Lastly, regarding your statement that you would let the marketplace "decide for itself", I would say that's pure naive. Spammers will always heavily impact your platform if you let them in. If anything, they will make real developers fell like you are doing a very poor job in taking care of them and they will leave your platform. Having tons of useless spam by someone like Eric_Rulz or some similar silly name is like an android nightmare Deja-Vu. It makes me look at my phone like it's a cheap toy, instead than a beautifully crafted system.
I agree with these comments 20 a day still seems to high. If your releasing 20 apps a day i would still consider this spam and is not the type of quality you should be aiming for. i thin andycted comment is reasonable.
@NiallG, @Steve Williams, @Alimaggs, @Entegy, @davidhayes & @nitro52 - Thanks again for all of the input and let me reiterate that we’ll continue to evaluate limits and policies based on your feedback and Marketplace behavior. For now, we've placed the daily certification limit at 20 because it is slightly more than the number of markets we support for commerce today. This means that developers can still easily publish a unique app for each supported market.
I find interesting that you addressed everyone on this page but me, evidently I've been more blunt than allowed.
Apologies, but I'll add one last final opinion, I hope not to offend anyone. There should be a differentiation between who has a reason to publish 20 apps a day, like one who has one app for every localized market, and those that absolutely don't. In fact I don't see why with all the certification process you can't simply say 20 localized apps count as 1, regarding the spam limit.
Good luck fighting spam.
@andycted - No offense taken at all. You’ve offered some fair suggestions and I appreciate your taking the time to share them. You’re highlighting a number of the issues that we need to balance in delivering both choice and quality. I respect that many in the community will have varying views about what constitutes the right balance, and that’s why I appreciate the input.
OK, I hope you can take these views in consideration. What I don't really see that much though, is many views differing from the fact that 20 apps a day is way too high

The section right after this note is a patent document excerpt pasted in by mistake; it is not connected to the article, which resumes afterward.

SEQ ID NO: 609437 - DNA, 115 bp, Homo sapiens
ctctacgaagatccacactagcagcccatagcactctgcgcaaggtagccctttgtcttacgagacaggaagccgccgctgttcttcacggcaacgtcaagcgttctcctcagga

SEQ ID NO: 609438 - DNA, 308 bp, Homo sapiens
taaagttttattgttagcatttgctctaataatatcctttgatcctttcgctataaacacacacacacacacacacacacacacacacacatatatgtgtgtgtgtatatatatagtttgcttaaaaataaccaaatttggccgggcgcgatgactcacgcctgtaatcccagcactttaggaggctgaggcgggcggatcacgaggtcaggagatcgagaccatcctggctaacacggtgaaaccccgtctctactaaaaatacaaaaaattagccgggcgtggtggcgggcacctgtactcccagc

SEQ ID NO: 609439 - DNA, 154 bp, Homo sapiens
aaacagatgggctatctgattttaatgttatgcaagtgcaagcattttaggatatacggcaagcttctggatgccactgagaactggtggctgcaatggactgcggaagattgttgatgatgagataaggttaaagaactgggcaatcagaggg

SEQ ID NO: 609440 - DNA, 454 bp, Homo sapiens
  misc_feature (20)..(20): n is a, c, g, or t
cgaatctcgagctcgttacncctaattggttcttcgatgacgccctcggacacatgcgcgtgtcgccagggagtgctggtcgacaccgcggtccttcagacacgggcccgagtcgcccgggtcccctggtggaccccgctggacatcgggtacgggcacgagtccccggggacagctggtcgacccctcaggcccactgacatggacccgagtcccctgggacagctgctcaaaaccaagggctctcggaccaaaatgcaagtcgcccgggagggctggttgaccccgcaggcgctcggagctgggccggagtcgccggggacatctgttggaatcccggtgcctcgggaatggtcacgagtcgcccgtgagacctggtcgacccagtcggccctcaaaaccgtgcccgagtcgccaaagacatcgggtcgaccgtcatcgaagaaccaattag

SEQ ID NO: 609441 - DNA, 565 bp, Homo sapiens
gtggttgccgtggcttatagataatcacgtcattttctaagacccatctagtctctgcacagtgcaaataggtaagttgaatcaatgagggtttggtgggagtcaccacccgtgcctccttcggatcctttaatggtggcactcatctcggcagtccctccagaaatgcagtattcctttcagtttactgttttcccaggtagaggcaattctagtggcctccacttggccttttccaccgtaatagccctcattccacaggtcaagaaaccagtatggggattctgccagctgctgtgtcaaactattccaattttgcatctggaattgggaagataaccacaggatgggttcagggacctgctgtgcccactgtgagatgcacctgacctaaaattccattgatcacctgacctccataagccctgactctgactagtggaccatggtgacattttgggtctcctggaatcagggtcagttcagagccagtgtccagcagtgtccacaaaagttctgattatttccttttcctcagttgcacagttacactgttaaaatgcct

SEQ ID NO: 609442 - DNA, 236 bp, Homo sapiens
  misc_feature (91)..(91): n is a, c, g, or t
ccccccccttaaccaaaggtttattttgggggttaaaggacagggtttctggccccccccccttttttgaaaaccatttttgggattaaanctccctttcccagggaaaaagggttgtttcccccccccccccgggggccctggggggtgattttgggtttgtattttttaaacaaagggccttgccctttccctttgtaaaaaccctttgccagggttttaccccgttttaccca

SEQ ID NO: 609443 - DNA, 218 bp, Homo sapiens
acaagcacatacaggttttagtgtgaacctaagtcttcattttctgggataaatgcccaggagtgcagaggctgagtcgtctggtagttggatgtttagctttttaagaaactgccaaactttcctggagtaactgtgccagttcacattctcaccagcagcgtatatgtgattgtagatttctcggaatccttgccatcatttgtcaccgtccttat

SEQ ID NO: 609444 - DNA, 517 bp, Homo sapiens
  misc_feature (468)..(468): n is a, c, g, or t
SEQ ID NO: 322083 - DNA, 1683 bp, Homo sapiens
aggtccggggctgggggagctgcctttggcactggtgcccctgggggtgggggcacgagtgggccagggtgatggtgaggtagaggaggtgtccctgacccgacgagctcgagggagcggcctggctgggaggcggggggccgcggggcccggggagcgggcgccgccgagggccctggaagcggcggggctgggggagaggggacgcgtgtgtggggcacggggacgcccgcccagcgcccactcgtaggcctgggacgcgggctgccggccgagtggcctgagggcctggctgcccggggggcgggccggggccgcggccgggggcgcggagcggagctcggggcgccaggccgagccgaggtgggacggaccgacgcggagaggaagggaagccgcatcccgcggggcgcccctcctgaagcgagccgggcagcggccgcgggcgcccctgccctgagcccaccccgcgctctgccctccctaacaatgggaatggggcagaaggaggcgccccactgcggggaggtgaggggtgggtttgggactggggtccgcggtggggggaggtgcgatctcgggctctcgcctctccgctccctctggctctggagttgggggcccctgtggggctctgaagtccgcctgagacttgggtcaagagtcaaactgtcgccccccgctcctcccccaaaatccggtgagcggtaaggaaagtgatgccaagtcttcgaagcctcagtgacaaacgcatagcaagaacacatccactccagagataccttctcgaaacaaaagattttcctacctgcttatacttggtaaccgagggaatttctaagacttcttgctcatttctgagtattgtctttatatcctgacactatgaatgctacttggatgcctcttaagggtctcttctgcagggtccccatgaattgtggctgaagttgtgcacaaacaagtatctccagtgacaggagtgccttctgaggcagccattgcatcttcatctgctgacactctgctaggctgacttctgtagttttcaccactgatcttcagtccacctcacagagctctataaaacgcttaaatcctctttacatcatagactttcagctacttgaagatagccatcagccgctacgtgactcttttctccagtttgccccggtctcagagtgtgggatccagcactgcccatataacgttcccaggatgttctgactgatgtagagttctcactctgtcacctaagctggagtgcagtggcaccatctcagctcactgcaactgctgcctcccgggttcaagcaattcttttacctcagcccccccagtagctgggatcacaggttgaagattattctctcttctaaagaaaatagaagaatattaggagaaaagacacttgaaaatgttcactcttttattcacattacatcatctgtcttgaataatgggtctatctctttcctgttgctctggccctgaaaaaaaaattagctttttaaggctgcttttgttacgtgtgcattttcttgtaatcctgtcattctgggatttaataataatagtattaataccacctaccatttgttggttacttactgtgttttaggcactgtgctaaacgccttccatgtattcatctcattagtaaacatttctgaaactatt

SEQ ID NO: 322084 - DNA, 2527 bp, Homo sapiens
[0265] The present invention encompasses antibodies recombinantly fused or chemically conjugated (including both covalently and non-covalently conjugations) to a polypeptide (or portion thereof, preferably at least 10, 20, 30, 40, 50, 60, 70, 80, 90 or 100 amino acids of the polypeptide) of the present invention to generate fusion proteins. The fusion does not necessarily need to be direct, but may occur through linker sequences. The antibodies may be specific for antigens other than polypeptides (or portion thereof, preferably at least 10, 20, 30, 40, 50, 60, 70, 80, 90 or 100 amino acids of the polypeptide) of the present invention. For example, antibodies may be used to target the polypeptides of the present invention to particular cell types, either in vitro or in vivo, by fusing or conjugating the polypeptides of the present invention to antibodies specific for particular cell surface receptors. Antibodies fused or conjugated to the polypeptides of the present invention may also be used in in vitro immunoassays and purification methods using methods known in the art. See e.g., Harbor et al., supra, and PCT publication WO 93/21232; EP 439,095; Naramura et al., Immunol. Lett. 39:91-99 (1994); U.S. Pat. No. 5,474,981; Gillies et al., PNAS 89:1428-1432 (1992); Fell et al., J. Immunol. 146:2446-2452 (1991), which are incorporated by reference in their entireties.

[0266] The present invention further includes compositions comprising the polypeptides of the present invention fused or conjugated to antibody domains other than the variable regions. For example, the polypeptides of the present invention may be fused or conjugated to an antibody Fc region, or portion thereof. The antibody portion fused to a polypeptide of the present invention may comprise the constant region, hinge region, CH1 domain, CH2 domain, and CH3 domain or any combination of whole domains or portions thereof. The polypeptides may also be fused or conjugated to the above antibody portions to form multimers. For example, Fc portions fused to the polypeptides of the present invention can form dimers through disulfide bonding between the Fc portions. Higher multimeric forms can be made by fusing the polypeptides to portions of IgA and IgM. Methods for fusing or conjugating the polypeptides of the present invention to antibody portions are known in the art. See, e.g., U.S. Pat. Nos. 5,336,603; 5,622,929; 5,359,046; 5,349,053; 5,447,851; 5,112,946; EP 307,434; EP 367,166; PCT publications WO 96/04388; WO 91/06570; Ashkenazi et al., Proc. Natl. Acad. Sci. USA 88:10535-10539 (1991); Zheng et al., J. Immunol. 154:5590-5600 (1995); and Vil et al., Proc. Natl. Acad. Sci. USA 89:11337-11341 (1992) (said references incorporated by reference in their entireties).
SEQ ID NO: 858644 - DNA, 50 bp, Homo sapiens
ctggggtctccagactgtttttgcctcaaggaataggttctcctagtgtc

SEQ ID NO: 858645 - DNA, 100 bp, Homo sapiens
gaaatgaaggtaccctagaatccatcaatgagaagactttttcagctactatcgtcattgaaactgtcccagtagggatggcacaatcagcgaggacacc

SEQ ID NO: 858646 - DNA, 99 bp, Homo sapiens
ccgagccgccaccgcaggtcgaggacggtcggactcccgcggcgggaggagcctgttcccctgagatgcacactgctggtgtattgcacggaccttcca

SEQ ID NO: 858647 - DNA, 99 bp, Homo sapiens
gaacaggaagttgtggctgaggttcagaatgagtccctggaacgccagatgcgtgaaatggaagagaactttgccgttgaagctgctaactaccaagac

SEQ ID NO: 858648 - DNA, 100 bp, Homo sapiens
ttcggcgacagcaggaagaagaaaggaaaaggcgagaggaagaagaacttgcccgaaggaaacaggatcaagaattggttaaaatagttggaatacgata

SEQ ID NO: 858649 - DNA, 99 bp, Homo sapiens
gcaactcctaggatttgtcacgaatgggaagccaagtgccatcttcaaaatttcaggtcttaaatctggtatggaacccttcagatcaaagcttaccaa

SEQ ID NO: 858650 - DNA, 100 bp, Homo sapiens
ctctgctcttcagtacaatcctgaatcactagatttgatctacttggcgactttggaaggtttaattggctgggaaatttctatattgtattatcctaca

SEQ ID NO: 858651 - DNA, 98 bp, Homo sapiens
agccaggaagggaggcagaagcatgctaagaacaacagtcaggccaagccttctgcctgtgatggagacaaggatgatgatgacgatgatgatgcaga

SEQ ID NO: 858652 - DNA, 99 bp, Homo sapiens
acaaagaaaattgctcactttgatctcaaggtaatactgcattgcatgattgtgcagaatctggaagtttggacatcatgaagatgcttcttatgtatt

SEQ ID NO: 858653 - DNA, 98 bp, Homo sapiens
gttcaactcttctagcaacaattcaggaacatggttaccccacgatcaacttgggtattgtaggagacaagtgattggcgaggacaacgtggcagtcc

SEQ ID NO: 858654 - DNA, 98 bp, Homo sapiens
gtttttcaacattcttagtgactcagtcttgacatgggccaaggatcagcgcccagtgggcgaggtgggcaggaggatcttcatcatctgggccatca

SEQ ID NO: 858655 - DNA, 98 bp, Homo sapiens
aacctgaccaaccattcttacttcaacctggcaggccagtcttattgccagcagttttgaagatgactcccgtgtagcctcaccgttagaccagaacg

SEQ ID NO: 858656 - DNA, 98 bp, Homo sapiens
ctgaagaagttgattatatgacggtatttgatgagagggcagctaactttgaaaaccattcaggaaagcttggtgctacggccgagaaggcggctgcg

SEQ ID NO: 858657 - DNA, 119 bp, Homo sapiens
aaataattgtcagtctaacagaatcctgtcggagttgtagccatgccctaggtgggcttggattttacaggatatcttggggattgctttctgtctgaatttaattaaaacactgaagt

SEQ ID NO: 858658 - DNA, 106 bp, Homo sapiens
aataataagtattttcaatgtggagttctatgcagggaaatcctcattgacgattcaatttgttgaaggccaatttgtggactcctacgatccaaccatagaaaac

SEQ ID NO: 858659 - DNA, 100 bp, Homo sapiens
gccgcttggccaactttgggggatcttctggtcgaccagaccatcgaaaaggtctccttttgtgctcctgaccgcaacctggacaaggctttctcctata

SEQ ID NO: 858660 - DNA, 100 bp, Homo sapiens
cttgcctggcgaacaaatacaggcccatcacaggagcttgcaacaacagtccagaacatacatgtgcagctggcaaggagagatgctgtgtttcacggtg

@Todd, Thanks for the feedback i'm glad MS is being active with the community. In the end i think we all want a good system to develop for.
@Todd Brix -
If the case for 20 was simply to allow for 1 app per each market - why not also enforce a sensible 'Y per market' limit alongside that.
ie. if this limit of Y was '5'
developer could publish up to 5 apps per specific market (or 5 per apps marked global/publish everywhere).
This way you would achieve your goal of allowing up to 20 apps on a day where developer intended to support all 20 of these markets.
@Todd: how are we supposed to report obvious misses by the certification/marketplace team, regarding spam, or simply unappropriate apps ?
It's good that you already bolted from here, this week it's 300 apps a day in the new section.
Mickey mouse rule, that's what looks to me, the 20 app a day. You can debate what you want, but you can't deny publishing an app today is a nightmare with all the bulk publishing that takes place
@Todd: 20 may be slightly more than the number of markets we can publish to, but I do not see anyone publishing a unique app per market. Just looking at the list of new apps today shows several developers using online app making tools to publish 20 RSS feed apps each per day. Perhaps you could extend Application Policy 2.14 to include apps that simply republish a RSS feed. But that would only fix a small part of the problem.
"Yalla Apps"is another that needs to go as well!
Hopefully, they really are paying attention (which it seems they have been doing a better job of lately) and will find a way to flag this spam apps and reject them until they are conslidated into "one app" per similarity.